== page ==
Hindsight in 2020

8 percent of people will achieve their New Year’s goals- which means 92 percent of us will fall short. 

Why do so many of us give up… and so quickly?

More importantly, how do we make sure to stay on track and meet the goals we set for ourselves?

For the longest time, I had many dreams, but I realized dreams happen when we’re asleep.

It was time to wake up.

Waking up meant acknowledging my role in allowing my own self-sabotaging behaviors to perpetuate and take control of my life.

I had to be willing to admit that I was responsible for my life’s choices, and I could be the landlord of my own mind.

I used hindsight to gather insight on the foresight required to make this past year a successful one.

It worked.

Here’s how I became part of the eight percent.

Commitment and Accountability

I set myself up for commitment.

If you are setting goals, that means you have a growth mindset and want change. The problem is that merely stating a goal does not make you accountable for making it happen. For example, if you want to lose a few pounds you might join a gym or begin an exercise program, but who is holding you accountable for consistently following through? What specific action steps must be implemented into your schedule to move toward your intended goal? Getting a membership at the gym can help, but if you aren’t clear on how and when you will use the membership, you might end up losing money, not weight.

1. SMART goals. (Specific, Measurable, Attainable, Realistic, Time-based). The SMART formula is a research-supported method that has been widely used in schools and corporations to improve productivity and time management. For example, if I want to become more productive this year, this is how I would use the SMART formula: 

• Specific: I want to get through my daily task list.
• Measurable: For the next 21 days, I will keep a daily log of my activities.
• Attainable: I will aim to review the log in the evening before I go to bed.
• Realistic: I will hold myself accountable for the things I believe I am capable of doing, and focus on doing the best I can with the time I have.
• Time-based: I will start on 01/06/2020 and end on 1/26/2020. 

2. Accountability

Once you set your SMART goals, find someone to hold you accountable. According to research, we are more likely to stick with a plan if we have an “accountability partner.” This really works great if you tend to do well with external structure (i.e. deadlines). An accountability partner can be a friend, work colleague, or even your child (if they are old enough). You’d be surprised at how much some kids enjoy holding their parents accountable, especially when they know their parents won’t want to let them down.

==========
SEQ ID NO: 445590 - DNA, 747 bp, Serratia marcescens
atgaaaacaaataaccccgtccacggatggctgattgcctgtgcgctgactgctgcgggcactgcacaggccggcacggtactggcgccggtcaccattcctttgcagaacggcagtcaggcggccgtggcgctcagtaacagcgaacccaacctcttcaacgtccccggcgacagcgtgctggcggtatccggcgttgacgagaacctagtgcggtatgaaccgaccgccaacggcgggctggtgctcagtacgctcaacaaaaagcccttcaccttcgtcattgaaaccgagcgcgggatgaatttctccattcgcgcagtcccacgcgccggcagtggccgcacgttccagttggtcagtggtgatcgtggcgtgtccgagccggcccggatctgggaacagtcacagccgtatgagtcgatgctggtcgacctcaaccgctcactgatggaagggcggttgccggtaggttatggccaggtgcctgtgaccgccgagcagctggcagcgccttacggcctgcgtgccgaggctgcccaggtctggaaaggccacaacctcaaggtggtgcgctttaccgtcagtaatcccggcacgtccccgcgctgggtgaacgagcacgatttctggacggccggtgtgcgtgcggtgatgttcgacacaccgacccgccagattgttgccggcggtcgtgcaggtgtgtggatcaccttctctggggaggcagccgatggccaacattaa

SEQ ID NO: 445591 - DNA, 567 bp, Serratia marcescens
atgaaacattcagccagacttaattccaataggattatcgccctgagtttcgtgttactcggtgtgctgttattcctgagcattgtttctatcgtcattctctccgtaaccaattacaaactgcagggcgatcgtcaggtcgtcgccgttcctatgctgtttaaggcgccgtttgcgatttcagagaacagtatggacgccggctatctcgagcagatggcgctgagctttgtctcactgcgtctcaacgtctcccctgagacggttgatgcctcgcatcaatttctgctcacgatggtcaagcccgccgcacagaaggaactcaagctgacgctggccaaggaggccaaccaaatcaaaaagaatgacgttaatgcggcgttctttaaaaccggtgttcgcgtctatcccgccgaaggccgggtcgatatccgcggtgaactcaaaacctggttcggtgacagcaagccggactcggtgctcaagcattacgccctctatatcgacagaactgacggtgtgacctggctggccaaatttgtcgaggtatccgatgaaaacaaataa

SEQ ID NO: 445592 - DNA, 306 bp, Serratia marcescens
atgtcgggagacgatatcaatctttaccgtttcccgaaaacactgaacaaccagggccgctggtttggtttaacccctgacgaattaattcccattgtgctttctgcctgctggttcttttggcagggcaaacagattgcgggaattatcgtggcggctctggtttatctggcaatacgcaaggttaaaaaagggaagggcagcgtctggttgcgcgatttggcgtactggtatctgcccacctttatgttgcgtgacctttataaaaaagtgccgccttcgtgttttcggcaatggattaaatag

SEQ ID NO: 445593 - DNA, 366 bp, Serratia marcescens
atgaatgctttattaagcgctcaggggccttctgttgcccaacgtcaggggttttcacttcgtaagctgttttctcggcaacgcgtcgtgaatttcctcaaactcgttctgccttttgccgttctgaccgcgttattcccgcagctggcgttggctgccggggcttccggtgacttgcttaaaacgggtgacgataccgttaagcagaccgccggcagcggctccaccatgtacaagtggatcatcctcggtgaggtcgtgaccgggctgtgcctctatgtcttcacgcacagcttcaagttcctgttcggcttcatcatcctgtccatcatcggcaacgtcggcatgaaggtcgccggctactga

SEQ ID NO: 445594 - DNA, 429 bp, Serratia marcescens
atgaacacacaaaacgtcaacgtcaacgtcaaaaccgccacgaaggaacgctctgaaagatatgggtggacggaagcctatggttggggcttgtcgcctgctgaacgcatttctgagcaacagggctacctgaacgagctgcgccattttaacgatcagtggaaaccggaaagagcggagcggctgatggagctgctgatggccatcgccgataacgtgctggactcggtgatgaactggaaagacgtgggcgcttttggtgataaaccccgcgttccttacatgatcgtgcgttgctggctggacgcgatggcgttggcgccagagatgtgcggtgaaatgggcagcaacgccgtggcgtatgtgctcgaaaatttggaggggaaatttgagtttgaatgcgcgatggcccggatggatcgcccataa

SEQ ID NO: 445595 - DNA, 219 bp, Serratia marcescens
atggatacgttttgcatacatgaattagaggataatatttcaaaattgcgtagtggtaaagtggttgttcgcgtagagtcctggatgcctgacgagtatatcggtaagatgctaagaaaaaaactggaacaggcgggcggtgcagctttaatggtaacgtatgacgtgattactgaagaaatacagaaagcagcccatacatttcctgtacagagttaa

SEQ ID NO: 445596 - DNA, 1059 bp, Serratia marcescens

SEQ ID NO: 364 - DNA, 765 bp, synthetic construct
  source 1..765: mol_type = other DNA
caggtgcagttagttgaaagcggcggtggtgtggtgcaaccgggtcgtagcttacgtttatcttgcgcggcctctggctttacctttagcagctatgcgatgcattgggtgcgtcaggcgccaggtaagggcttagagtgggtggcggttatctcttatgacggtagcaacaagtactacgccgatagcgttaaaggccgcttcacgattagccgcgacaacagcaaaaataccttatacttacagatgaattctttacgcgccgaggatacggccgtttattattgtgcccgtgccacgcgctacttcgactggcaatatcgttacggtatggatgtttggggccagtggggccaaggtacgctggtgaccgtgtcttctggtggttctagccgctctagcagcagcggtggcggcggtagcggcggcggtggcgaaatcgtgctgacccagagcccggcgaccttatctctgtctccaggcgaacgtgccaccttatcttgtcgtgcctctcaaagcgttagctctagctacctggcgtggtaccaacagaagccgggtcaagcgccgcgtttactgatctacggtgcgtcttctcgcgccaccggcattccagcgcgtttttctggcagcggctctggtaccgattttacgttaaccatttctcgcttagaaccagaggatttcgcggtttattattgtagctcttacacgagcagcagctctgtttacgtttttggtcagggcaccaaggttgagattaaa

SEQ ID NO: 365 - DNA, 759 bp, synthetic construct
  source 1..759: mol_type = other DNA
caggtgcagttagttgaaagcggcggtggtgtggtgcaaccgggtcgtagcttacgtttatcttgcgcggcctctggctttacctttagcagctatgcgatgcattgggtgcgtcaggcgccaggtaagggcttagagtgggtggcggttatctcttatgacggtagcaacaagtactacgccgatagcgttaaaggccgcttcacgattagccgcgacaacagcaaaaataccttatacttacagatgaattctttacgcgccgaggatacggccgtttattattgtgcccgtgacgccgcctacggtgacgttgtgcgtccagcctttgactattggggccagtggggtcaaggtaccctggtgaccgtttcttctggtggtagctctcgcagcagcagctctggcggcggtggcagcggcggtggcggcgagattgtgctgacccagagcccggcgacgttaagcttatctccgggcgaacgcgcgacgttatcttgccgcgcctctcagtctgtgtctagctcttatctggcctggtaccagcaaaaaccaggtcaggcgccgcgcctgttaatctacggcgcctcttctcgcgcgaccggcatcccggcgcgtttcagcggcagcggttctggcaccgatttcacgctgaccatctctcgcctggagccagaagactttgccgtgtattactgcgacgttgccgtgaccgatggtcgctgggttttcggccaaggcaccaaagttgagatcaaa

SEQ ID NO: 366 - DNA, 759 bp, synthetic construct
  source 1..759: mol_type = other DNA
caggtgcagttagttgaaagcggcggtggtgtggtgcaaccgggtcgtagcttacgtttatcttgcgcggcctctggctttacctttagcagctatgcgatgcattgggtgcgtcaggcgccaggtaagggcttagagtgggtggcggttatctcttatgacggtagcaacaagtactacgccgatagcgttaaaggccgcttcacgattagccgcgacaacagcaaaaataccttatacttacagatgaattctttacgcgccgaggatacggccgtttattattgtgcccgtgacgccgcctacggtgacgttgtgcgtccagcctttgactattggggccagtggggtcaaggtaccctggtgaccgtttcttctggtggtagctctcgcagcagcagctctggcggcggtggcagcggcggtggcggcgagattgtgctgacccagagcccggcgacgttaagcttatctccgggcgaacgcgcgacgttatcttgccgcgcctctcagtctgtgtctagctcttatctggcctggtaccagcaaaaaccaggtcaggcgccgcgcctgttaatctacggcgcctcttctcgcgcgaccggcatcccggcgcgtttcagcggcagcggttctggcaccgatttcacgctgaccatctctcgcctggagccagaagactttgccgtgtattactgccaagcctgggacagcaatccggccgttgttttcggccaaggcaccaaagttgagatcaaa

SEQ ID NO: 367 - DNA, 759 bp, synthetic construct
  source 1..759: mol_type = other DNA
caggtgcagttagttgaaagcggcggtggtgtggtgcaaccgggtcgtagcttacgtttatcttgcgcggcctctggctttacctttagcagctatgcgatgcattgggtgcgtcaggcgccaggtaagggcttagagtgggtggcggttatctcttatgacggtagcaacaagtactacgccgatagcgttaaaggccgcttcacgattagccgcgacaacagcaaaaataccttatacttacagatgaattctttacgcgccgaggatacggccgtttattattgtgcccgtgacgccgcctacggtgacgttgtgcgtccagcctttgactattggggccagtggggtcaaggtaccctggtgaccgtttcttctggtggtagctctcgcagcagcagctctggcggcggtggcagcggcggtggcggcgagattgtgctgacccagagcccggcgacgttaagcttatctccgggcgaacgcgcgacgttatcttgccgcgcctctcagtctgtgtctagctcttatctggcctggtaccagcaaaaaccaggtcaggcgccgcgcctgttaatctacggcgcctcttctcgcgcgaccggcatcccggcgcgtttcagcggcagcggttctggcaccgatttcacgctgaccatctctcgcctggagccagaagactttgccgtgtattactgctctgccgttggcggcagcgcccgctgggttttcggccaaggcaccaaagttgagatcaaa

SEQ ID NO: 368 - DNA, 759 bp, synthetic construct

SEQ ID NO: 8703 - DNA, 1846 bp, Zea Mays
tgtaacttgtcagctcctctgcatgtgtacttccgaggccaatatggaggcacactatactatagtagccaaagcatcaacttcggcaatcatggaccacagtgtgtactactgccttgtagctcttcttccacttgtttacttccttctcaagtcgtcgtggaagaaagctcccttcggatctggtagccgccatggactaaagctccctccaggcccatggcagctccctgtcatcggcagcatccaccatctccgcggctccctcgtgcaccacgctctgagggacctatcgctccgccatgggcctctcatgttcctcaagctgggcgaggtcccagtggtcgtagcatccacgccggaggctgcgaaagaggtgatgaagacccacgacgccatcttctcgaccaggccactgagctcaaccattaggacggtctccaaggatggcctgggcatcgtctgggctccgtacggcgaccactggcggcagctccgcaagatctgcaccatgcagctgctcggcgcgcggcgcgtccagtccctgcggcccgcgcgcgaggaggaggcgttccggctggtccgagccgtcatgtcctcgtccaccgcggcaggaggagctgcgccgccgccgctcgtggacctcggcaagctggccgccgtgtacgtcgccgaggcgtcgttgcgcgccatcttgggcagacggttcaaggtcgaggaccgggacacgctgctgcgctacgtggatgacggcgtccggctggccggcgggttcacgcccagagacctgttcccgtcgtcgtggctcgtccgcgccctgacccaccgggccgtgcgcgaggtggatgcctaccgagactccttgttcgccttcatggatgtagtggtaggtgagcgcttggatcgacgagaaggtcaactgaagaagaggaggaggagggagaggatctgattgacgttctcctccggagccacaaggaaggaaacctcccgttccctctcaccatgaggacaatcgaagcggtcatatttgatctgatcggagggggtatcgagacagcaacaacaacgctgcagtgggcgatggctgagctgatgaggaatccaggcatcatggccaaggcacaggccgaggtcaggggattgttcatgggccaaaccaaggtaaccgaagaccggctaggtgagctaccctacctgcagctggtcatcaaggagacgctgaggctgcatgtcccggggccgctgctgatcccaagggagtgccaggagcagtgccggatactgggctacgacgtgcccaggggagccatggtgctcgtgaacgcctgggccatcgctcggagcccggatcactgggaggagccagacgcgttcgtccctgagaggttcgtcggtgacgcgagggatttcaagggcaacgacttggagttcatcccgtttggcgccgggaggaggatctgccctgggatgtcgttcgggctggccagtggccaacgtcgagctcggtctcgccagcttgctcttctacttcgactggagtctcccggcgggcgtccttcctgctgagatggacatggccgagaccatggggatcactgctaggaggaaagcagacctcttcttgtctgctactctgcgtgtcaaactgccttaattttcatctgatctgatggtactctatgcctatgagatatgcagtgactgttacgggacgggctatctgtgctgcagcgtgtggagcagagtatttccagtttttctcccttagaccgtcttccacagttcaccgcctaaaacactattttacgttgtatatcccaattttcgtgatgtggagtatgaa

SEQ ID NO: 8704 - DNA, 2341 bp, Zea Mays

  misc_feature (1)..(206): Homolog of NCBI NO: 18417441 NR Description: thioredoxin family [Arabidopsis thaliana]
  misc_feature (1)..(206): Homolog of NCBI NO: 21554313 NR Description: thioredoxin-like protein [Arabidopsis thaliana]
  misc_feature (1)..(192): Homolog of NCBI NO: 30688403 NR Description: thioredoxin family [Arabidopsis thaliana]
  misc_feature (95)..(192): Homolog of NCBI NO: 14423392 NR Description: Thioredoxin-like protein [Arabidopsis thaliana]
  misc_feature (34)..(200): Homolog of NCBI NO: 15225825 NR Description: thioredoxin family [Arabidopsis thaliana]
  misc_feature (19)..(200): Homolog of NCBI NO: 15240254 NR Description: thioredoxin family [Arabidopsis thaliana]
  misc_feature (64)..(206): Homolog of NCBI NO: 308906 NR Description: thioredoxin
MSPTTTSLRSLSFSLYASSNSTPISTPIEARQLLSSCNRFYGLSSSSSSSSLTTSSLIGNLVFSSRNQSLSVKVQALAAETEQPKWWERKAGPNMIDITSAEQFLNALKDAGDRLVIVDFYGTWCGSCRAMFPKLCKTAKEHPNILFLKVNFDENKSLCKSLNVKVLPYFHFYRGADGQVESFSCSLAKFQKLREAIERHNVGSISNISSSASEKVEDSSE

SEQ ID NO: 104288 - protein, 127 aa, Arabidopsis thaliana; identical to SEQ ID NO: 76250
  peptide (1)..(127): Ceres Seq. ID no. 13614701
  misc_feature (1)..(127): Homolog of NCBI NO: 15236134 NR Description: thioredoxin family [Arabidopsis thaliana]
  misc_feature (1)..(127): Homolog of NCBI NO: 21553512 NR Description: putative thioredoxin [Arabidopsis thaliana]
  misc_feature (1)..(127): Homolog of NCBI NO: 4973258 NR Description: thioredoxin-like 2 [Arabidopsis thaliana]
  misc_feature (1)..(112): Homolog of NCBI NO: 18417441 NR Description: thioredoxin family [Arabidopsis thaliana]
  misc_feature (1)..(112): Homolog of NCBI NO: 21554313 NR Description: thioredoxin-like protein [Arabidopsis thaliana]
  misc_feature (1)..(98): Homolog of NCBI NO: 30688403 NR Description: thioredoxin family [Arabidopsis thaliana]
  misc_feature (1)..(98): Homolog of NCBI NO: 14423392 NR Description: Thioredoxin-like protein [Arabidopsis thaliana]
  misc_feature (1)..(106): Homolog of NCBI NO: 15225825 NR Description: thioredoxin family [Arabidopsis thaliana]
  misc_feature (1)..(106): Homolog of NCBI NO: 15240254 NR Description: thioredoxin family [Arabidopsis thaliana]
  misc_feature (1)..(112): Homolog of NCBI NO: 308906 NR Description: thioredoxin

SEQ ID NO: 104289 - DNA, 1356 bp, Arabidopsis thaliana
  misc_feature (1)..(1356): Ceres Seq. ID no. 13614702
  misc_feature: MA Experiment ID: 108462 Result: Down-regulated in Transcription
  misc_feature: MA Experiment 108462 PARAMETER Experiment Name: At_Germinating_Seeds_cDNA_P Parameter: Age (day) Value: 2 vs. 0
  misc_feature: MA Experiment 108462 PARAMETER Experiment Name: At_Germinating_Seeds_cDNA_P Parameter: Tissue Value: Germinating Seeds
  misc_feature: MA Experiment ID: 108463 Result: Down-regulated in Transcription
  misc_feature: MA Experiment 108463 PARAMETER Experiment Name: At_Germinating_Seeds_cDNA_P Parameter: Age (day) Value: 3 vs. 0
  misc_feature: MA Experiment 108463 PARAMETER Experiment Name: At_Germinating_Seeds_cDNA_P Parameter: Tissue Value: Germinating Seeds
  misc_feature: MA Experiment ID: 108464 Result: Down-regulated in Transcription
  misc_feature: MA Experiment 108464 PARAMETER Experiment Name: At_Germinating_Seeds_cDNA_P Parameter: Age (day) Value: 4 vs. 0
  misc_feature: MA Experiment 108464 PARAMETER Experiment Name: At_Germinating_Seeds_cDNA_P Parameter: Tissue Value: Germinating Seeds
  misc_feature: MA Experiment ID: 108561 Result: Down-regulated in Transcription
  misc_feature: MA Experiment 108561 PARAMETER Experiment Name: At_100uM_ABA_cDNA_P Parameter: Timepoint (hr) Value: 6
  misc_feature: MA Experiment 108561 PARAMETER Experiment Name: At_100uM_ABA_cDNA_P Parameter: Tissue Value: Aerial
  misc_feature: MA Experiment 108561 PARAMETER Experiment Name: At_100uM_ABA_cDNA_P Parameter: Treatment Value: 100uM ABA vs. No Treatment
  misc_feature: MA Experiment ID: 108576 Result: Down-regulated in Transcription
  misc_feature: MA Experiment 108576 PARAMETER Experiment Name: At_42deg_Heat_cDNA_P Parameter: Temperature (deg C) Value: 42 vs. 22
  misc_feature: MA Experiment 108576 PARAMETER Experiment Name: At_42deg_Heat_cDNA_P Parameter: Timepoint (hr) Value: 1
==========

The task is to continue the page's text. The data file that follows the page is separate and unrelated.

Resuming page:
3. Check-in

Hindsight can offer the best insight. If you keep track of how you are managing your goals, you are likely to recognize where you fall short and what you need to change. Keep a daily log of the things you did (and didn’t do), at the end of each day, decide what you want to change for next time.

For the longest time I had goals I wanted to achieve, but when it came to taking action, I felt stuck. That is, until this past year. Using these tools and some other research-backed methods for improving time management, I accomplished things I never thought possible. I published my first book, wrote and produced three songs, completed my coaching license, launched my website, and — despite having more on my plate than ever — I managed to find more time to do the things I enjoy and be more present as a mother and wife.

I did this by creating a personal accountability journal with all the things I felt were most important to maximize my day. I did this with the intention of living more intentionally and meaningfully.

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